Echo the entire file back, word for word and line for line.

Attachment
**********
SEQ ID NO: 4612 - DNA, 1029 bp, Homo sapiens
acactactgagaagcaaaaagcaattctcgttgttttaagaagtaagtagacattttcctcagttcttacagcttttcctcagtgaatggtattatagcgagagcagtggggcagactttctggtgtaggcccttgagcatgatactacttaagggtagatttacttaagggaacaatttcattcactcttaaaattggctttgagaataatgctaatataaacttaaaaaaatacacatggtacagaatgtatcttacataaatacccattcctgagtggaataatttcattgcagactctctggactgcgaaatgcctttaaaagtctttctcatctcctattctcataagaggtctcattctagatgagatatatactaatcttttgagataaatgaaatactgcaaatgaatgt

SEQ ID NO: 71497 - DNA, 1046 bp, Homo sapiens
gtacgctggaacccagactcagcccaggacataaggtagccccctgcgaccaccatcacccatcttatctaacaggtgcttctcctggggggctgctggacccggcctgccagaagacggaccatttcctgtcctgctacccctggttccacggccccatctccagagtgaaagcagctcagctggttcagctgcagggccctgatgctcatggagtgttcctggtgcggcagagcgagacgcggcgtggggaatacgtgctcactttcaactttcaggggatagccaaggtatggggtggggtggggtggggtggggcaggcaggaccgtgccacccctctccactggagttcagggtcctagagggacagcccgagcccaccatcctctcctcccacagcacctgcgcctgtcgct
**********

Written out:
SEQ ID NO: 4612 - DNA, 1029 bp, Homo sapiens
acactactgagaagcaaaaagcaattctcgttgttttaagaagtaagtagacattttcctcagttcttacagcttttcctcagtgaatggtattatagcgagagcagtggggcagactttctggtgtaggcccttgagcatgatactacttaagggtagatttacttaagggaacaatttcattcactcttaaaattggctttgagaataatgctaatataaacttaaaaaaatacacatggtacagaatgtatcttacataaatacccattcctgagtggaataatttcattgcagactctctggactgcgaaatgcctttaaaagtctttctcatctcctattctcataagaggtctcattctagatgagatatatactaatcttttgagataaatgaaatactgcaaatgaatgt

SEQ ID NO: 71497 - DNA, 1046 bp, Homo sapiens
gtacgctggaacccagactcagcccaggacataaggtagccccctgcgaccaccatcacccatcttatctaacaggtgcttctcctggggggctgctggacccggcctgccagaagacggaccatttcctgtcctgctacccctggttccacggccccatctccagagtgaaagcagctcagctggttcagctgcagggccctgatgctcatggagtgttcctggtgcggcagagcgagacgcggcgtggggaatacgtgctcactttcaactttcaggggatagccaaggtatggggtggggtggggtggggtggggcaggcaggaccgtgccacccctctccactggagttcagggtcctagagggacagcccgagcccaccatcctctcctcccacagcacctgcgcctgtcgct